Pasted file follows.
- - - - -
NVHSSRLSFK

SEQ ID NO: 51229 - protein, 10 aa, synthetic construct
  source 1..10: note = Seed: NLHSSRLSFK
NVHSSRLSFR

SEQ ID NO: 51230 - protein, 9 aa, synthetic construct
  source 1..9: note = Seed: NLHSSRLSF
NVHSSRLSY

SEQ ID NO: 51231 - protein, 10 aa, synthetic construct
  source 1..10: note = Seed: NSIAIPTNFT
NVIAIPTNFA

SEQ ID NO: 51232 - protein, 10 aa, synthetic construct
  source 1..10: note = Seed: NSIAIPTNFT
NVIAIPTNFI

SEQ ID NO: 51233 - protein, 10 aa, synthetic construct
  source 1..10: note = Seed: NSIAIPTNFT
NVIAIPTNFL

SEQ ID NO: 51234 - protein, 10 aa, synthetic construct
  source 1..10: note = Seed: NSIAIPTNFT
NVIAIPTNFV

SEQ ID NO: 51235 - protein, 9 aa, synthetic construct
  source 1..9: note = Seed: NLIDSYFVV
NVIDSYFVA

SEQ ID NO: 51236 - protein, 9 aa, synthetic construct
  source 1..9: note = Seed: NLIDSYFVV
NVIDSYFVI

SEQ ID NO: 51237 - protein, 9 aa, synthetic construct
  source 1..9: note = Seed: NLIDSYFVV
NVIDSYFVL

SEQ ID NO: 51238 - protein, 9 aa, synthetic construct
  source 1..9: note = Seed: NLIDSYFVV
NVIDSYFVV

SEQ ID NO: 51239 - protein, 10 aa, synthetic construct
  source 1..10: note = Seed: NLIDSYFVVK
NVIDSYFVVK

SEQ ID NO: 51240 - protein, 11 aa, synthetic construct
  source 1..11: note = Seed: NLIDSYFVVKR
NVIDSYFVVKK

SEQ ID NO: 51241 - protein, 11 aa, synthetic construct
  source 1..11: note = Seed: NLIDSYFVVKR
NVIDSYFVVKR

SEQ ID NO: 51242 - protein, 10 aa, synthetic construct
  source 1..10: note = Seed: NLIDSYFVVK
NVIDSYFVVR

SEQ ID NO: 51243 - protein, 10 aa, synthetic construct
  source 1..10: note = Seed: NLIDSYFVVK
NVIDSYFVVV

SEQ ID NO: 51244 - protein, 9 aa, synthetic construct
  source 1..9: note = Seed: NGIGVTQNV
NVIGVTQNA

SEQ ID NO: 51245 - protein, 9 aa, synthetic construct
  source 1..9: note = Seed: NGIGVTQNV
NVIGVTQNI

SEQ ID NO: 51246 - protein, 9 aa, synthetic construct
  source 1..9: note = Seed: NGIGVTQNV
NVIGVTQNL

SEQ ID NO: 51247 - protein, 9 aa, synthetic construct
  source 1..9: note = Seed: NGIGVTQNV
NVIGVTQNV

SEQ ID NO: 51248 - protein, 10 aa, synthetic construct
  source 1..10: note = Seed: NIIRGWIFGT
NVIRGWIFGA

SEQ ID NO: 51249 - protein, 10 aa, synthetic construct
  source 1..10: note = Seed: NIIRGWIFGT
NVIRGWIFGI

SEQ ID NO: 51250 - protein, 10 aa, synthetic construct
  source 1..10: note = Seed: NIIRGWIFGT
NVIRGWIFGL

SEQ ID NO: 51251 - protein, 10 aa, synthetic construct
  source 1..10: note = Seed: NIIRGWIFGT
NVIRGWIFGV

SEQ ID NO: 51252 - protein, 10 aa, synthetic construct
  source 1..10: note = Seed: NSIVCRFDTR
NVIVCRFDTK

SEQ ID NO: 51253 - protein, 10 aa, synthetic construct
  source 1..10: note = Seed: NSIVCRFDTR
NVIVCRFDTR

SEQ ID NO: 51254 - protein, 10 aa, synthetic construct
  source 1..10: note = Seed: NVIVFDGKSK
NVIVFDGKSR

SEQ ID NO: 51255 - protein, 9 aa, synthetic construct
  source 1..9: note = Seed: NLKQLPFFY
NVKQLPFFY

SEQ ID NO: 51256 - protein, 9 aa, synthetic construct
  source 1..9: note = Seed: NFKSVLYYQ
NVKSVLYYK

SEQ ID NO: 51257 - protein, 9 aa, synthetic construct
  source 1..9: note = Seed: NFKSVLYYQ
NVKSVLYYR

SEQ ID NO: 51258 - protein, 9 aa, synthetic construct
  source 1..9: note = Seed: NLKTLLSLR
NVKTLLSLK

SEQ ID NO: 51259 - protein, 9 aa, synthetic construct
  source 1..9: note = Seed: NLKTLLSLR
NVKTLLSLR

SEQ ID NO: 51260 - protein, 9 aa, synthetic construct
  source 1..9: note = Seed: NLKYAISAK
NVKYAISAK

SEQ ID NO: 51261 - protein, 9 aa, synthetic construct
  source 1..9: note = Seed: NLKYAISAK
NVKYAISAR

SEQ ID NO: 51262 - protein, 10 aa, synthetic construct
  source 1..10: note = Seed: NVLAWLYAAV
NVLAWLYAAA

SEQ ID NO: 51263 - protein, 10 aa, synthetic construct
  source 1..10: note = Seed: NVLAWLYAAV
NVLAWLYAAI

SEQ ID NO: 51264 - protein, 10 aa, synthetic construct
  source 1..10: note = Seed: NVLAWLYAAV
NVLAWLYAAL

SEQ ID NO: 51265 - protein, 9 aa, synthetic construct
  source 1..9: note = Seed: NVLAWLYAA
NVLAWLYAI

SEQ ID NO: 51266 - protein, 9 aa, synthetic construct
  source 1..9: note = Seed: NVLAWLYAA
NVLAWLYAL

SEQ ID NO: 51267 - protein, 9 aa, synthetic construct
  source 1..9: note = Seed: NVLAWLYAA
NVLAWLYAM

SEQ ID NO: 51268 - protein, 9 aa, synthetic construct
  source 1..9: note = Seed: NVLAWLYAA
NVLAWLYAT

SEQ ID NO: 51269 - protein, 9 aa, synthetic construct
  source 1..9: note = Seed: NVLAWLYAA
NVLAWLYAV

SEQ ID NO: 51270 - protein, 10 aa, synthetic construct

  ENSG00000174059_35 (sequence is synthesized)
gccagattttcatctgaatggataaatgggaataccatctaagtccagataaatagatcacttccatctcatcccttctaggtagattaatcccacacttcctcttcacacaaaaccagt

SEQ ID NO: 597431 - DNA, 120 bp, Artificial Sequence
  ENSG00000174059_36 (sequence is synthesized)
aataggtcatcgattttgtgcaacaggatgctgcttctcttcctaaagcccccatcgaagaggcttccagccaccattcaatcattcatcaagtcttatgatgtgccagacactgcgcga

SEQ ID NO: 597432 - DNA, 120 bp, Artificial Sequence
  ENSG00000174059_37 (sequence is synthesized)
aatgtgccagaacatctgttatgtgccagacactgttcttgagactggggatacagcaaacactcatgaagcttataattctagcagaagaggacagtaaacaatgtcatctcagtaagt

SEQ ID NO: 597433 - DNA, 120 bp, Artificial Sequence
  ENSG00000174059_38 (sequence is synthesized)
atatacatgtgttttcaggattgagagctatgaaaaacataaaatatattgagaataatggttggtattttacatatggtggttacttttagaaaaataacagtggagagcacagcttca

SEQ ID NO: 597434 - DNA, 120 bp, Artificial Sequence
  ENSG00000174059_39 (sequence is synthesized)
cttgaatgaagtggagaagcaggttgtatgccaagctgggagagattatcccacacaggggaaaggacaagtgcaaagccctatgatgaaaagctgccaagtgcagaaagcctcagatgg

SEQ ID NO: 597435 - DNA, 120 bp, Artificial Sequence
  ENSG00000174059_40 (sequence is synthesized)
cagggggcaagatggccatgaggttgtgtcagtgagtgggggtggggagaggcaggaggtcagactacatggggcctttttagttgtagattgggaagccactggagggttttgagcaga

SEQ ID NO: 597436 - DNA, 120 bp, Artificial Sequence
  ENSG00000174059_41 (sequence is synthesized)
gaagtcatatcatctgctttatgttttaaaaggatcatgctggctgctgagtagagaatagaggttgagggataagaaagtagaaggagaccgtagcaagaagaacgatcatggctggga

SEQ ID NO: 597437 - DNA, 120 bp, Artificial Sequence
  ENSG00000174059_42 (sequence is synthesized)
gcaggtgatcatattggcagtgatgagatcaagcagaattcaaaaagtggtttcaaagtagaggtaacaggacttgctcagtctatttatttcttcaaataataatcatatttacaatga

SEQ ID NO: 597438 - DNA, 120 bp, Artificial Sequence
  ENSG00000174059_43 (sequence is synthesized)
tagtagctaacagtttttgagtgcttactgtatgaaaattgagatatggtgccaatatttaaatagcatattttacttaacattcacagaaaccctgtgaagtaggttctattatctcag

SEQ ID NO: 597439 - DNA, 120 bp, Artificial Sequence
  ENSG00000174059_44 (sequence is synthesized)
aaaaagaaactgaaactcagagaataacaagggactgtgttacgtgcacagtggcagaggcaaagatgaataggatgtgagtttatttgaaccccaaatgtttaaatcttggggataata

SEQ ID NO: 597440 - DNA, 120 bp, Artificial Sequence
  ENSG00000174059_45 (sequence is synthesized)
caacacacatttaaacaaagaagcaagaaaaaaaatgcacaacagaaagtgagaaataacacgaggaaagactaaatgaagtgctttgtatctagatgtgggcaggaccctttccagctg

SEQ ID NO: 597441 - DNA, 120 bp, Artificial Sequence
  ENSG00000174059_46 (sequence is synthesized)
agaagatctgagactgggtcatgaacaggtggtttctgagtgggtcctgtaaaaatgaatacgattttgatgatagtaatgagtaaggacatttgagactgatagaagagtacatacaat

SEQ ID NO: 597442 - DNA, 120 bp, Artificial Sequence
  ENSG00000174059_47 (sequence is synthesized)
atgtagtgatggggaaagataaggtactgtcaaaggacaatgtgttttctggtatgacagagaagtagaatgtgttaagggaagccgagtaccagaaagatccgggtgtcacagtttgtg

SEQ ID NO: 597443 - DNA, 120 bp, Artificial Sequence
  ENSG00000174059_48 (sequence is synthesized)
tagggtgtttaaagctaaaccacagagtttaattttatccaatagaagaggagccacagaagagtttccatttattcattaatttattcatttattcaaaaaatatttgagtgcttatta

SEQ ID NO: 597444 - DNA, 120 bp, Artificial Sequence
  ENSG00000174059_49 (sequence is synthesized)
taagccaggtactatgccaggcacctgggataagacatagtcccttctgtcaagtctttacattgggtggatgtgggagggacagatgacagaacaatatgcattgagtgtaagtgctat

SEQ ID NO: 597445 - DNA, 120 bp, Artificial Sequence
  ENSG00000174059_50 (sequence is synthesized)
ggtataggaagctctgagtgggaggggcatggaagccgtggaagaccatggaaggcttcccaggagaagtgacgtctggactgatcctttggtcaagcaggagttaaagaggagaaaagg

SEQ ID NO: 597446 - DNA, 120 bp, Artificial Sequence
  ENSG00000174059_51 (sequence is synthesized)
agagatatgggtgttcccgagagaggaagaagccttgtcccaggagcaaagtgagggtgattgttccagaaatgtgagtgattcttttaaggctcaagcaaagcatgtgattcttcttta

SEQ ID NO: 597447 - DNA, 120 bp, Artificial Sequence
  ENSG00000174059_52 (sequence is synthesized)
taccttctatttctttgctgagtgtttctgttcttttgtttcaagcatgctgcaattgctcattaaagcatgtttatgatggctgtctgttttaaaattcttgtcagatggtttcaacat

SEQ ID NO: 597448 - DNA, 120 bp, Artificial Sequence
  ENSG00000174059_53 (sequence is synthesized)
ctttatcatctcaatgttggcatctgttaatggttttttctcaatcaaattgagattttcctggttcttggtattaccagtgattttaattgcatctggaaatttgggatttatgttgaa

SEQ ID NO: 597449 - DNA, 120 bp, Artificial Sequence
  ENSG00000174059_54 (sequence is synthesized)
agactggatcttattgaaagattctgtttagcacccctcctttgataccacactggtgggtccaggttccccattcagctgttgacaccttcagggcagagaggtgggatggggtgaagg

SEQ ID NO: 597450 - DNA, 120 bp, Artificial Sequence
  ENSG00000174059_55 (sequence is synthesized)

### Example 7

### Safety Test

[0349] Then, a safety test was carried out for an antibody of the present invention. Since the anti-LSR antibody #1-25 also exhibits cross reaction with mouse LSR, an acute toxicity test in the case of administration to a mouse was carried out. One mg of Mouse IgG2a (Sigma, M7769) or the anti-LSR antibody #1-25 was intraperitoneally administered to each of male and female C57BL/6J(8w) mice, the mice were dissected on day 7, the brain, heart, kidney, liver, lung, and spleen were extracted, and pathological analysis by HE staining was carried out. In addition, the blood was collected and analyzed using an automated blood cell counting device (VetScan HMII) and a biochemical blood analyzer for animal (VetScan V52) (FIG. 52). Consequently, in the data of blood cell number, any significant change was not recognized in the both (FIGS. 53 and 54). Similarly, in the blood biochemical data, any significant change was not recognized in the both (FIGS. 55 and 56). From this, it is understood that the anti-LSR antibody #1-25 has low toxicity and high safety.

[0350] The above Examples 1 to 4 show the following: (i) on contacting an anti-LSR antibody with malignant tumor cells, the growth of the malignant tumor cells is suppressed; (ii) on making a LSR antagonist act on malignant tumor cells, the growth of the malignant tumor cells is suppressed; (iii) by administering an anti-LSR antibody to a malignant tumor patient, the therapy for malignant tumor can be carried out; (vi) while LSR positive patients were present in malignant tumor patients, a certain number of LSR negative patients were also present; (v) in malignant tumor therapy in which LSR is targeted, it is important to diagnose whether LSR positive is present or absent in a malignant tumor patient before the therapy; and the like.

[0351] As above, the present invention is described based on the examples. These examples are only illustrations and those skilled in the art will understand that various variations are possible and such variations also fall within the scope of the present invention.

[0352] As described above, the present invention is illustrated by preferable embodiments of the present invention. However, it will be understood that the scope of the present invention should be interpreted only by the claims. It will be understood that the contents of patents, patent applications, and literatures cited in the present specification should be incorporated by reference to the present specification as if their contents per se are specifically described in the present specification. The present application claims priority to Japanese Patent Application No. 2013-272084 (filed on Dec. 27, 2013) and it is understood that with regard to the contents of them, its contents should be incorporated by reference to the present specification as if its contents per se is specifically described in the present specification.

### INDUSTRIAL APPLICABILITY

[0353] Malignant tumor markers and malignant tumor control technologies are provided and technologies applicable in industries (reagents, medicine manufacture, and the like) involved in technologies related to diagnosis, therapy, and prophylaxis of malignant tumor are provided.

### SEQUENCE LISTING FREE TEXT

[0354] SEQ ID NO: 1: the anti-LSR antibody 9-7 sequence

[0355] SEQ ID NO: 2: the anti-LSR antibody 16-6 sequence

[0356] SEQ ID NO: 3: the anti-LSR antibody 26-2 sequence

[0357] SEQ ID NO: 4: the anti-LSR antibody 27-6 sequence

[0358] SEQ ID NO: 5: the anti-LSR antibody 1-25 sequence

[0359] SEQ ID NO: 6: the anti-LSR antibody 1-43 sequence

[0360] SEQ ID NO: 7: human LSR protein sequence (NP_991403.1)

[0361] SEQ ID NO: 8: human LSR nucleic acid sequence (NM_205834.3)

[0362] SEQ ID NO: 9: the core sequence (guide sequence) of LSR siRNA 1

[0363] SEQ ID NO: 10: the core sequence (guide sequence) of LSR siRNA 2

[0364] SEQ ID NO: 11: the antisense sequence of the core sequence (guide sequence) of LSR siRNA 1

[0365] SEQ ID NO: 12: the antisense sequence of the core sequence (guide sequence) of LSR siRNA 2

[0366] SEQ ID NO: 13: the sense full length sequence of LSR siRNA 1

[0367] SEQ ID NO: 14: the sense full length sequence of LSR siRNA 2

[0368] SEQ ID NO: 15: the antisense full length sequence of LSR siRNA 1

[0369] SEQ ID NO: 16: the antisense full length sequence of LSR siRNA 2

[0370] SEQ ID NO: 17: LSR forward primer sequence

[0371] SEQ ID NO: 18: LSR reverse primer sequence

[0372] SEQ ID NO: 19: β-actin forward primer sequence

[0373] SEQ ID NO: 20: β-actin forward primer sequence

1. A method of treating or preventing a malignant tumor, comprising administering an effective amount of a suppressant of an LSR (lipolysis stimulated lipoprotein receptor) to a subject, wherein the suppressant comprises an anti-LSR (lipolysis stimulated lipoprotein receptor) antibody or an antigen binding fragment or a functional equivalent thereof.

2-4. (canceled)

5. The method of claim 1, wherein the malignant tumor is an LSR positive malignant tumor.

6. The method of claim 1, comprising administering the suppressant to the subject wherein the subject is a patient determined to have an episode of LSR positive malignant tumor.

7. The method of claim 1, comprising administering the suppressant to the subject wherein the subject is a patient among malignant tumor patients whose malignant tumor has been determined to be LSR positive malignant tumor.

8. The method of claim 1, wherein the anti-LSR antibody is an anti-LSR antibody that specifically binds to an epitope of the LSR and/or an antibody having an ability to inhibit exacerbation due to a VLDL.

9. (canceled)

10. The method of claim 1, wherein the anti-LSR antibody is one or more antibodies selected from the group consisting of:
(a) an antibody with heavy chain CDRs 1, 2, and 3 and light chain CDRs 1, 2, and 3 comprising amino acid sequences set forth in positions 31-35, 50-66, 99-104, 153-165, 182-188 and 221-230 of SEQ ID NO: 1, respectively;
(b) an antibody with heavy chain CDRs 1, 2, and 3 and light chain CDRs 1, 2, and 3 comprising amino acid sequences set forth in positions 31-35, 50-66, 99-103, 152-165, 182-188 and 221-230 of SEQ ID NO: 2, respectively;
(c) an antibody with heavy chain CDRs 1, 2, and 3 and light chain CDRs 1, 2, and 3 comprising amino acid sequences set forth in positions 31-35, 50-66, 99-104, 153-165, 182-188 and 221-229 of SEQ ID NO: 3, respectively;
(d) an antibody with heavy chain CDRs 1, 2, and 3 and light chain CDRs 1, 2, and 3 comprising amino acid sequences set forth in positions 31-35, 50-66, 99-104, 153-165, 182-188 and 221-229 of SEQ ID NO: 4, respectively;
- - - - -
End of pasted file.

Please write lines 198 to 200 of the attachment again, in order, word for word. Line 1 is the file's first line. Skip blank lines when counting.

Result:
[0356] SEQ ID NO: 3: the anti-LSR antibody 26-2 sequence

[0357] SEQ ID NO: 4: the anti-LSR antibody 27-6 sequence

[0358] SEQ ID NO: 5: the anti-LSR antibody 1-25 sequence